TIJUANA, Mexico — In a matter of minutes, the trickling stream inside the banks of the Tijuana River turned into anrushing towards the border. The crowds were met by a force of Mexican police, who were armed and wearing riot gear.
were fired by U.S. Border Patrol agents on Sunday after they said a group threw projectiles at them. Sixty-nine migrants were arrested.
The crowds are gone Monday but security is still a top priority. Agents said migrants try to cut through constantan wire with tools and jump over it with carpet.
As he left for, President Trump refused to waiver on his immigration policies. “Here’s the bottom line: Nobody is coming into our country unless they come here legally,” he said.
Flanked in full riot gear and armed, Mexican federal police on Sunday used force to keep migrants away from the border. On Monday, they stand ready to push back again, just outside a shelter where nearly 6,000 migrants sit and wait. Nearly 2,000 have signed up to voluntarily return home in the past month.
Karina Gutierrez, a mother of three from Honduras, arrived at the shelter two weeks ago. She knows her chances of getting into the U.S. are dwindling, but said, “I won’t return to my country. I can’t,” she said.
Estella, a woman from Honduras, said she was shocked to see the response at the border. She said they were surprised by the tear gas and explosions.
The conditions inside one Tijuana shelter are quickly deteriorating. There are some families in tents, but others are just on the ground, penned up with a wire fence. A Tijuana official said Monday that things will get worse if the migrants don’t get help from the federal government.
TIJUANA, Mexico — U.S. border agents fired tear gas on hundreds of migrants protesting near the border with Mexico on Sunday after some of them attempted to get through the fencing and wire separating the two countries, and American authorities temporarily shut down border crossings from the city where thousands are waiting to apply for asylum.
BBC News correspondent Will Grant reported on CBSN that some protesters crossed a footbridge over a canal in Tijuana and ran toward the border. More than 5,000 migrants have been camped in and around a sports complex in the city after making their way throughin recent weeks via caravan.
After a few migrants tried to breach the fence separating the two countries, they were enveloped with tear gas. U.S. agents shot the gas, according to an Associated Press reporter on the scene. Migrants sought to squeeze through gaps in the wire, climb over fences and peel back metal sheeting to enter.
The Mexican government described Sunday’s events as “acts of provocation” that were “far from helpful” for the migrants’ objectives.
Children screamed and coughed in the mayhem of the tear gas. Fumes were carried by the wind toward people who were hundreds of feet away, not attempting to enter the U.S. Yards away on the U.S. side, shoppers streamed in and out of an outlet mall.
Honduran migrant Ana Zuniga, 23, said she saw migrants open a small hole in concertina wire at a gap on the Mexican side of a levee, at which point U.S. agents fired tear gas at them.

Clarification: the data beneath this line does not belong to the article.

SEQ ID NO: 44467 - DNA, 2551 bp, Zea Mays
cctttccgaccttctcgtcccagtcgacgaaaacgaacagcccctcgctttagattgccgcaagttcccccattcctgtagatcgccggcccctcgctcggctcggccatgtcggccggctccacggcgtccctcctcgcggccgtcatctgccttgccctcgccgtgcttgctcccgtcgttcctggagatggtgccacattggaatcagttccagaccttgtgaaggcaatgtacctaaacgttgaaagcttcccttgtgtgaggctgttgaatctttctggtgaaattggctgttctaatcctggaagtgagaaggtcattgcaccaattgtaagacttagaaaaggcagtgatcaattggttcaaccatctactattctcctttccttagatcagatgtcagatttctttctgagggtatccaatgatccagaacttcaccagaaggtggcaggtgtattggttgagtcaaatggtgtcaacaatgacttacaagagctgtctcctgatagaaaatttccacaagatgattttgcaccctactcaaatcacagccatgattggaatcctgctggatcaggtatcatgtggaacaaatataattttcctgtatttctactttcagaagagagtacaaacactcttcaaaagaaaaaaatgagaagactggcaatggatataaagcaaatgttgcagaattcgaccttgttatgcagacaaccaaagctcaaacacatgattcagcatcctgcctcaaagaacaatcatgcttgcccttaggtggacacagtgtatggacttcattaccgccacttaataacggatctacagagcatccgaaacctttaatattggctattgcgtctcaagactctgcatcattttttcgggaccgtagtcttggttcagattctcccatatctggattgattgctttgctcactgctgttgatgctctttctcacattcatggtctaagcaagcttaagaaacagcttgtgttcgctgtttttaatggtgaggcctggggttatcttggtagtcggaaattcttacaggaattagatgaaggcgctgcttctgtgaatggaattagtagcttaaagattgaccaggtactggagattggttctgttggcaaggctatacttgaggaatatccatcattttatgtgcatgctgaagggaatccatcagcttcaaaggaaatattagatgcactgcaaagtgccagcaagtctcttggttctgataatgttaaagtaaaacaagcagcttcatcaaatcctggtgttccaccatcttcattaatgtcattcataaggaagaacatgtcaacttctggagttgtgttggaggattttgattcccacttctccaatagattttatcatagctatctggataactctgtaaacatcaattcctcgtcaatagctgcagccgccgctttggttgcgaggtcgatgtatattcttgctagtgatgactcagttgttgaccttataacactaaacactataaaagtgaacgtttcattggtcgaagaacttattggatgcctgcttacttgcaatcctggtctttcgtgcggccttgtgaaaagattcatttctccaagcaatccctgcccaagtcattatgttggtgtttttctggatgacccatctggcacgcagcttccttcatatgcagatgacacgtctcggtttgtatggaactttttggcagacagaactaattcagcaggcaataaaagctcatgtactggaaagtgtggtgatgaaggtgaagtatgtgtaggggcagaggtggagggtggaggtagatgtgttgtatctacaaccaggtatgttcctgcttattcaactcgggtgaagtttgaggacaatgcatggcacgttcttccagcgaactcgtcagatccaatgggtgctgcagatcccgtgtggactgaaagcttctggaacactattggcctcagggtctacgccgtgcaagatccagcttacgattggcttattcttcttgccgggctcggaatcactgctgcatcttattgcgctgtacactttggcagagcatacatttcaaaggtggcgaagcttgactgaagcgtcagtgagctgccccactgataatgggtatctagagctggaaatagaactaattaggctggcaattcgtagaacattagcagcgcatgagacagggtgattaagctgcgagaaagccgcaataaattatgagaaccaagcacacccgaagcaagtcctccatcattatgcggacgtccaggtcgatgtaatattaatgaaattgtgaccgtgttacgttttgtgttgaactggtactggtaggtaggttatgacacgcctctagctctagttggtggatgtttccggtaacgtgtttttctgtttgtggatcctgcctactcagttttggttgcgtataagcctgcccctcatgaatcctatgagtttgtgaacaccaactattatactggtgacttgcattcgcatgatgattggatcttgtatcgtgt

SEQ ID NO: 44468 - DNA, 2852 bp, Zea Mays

“We ran, but when you run the gas asphyxiates you more,” she told the AP while cradling her 3-year-old daughter Valery in her arms. Mexico’s Milenio TV also showed images of several migrants at the border trying to jump over the fence.
Sunday evening, the Mexican Interior Ministry has said it would immediately deport Central American migrants who tried to “violently” breach the border and it would reinforce the border.
U.S. Homeland Security Secretary Kirstjen Nielsen said U.S. authorities will continue to have a “robust” presence along the Southwest border and they will prosecute anyone who damages federal property or violates U.S. sovereignty.
U.S. Customs and Border Protection helicopters flew overhead, while U.S. agents held vigil on foot beyond the wire fence in California. The Border Patrol office in San Diego said via Twitter that pedestrian crossings have been suspended at the San Ysidro port of entry at both the East and West facilities. All northbound and southbound traffic was halted.
Many migrants hope to apply for asylum in the U.S., but agents at the San Ysidro entry point are processing fewer than 100 asylum petitions a day. Some of the migrants who went forward Sunday called on each other to remain peaceful.
Earlier Sunday, they appeared to easily pass through the Mexican police blockade without using violence. A second line of Mexican police carrying plastic riot shields stood guard outside a Mexican customs and immigration plaza, where the migrants were headed.
That line of police installed tall steel panels behind them outside the Chaparral crossing on the Mexican side of the border, which completely blocked incoming traffic lanes to Mexico.
They carried hand-painted American and Honduran flags while chanting: “We are not criminals! We are international workers!”
Migrants were asked by police to turn back toward Mexico.
Irineo Mujica, who has accompanied the migrants for weeks as part of the aid group Pueblo Sin Fronteras, said the aim of Sunday’s march toward the U.S. border was to make the migrants’ plight more visible to the governments of Mexico and the U.S.
“We can’t have all these people here,” Mujica told The Associated Press. Tijuana Mayor Juan Manuel Gastlum on Friday declared ain his border city of 1.6 million, which he said is struggling to accommodate the crush of migrants.
U.S. President Donald Trump tweeted Sunday to express his displeasure with the caravans in Mexico.
Mexico’s Interior Ministry said Sunday the country has sent 11,000 Central Americans back to their countries of origin since Oct. 19. It said that 1,906 of them were members of the recent caravans.
Mexico is on track to send a total of around 100,000 Central Americans back home by the end of this year.